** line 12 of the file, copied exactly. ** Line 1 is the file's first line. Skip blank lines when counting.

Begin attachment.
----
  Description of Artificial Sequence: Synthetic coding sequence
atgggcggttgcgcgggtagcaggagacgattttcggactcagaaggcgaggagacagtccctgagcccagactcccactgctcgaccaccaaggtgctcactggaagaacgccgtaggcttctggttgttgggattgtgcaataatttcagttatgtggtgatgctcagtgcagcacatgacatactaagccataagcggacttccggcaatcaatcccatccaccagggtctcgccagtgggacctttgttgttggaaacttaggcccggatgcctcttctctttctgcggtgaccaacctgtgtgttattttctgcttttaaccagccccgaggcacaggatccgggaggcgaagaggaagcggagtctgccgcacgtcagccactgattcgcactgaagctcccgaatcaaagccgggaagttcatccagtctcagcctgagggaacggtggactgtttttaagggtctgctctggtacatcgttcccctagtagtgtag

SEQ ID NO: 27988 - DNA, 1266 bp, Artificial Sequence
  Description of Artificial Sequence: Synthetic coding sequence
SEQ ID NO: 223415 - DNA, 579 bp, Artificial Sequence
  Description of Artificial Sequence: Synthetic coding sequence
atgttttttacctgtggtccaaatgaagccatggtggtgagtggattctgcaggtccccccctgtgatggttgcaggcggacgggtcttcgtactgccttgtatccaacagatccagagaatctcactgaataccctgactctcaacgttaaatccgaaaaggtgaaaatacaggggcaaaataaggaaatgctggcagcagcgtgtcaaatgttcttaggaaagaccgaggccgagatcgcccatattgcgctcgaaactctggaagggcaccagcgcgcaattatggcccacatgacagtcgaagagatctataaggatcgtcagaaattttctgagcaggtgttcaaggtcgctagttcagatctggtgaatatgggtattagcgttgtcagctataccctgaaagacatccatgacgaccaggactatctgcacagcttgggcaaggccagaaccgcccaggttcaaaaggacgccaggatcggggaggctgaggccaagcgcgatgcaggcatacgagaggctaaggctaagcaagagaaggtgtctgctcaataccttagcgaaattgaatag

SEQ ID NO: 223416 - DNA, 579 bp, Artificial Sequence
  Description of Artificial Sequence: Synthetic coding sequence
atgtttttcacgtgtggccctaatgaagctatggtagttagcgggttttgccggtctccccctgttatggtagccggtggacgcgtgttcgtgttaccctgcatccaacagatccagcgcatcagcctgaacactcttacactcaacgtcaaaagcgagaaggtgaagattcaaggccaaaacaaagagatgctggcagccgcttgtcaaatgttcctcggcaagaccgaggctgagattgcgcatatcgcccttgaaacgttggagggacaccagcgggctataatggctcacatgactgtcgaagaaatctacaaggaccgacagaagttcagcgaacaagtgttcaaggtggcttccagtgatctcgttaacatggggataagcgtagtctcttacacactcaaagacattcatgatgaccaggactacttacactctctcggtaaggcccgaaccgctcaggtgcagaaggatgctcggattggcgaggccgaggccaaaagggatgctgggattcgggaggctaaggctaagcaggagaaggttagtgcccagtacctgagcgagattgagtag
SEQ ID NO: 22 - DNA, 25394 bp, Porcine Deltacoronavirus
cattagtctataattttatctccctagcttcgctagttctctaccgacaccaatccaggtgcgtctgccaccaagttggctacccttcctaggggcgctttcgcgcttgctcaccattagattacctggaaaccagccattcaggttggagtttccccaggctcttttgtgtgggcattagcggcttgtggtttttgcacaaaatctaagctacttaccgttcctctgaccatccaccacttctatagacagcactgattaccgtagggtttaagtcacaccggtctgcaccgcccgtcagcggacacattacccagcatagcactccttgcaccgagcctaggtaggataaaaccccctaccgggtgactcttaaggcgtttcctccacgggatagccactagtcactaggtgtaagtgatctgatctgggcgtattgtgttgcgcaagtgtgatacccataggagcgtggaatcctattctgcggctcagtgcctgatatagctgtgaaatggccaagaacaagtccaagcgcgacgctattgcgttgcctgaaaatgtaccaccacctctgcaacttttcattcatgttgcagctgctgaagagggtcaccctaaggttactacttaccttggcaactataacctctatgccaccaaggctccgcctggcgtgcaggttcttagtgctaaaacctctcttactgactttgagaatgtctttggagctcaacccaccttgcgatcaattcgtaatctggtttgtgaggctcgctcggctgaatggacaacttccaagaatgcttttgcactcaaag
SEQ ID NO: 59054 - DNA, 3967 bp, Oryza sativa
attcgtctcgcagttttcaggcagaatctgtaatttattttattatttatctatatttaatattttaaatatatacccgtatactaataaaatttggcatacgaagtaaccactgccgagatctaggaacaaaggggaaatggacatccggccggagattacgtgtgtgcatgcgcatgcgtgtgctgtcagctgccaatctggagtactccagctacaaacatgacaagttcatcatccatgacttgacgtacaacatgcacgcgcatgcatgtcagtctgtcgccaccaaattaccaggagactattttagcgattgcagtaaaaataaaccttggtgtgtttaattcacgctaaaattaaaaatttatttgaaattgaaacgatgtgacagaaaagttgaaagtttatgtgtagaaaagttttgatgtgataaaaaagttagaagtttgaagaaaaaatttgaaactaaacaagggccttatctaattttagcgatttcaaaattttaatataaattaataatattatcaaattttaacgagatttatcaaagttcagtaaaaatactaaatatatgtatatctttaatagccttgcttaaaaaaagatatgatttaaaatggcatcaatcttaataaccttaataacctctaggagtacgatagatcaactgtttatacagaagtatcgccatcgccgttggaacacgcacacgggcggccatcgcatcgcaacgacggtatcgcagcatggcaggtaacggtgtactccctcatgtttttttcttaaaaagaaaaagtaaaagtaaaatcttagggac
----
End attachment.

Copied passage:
cattagtctataattttatctccctagcttcgctagttctctaccgacaccaatccaggtgcgtctgccaccaagttggctacccttcctaggggcgctttcgcgcttgctcaccattagattacctggaaaccagccattcaggttggagtttccccaggctcttttgtgtgggcattagcggcttgtggtttttgcacaaaatctaagctacttaccgttcctctgaccatccaccacttctatagacagcactgattaccgtagggtttaagtcacaccggtctgcaccgcccgtcagcggacacattacccagcatagcactccttgcaccgagcctaggtaggataaaaccccctaccgggtgactcttaaggcgtttcctccacgggatagccactagtcactaggtgtaagtgatctgatctgggcgtattgtgttgcgcaagtgtgatacccataggagcgtggaatcctattctgcggctcagtgcctgatatagctgtgaaatggccaagaacaagtccaagcgcgacgctattgcgttgcctgaaaatgtaccaccacctctgcaacttttcattcatgttgcagctgctgaagagggtcaccctaaggttactacttaccttggcaactataacctctatgccaccaaggctccgcctggcgtgcaggttcttagtgctaaaacctctcttactgactttgagaatgtctttggagctcaacccaccttgcgatcaattcgtaatctggtttgtgaggctcgctcggctgaatggacaacttccaagaatgcttttgcactcaaag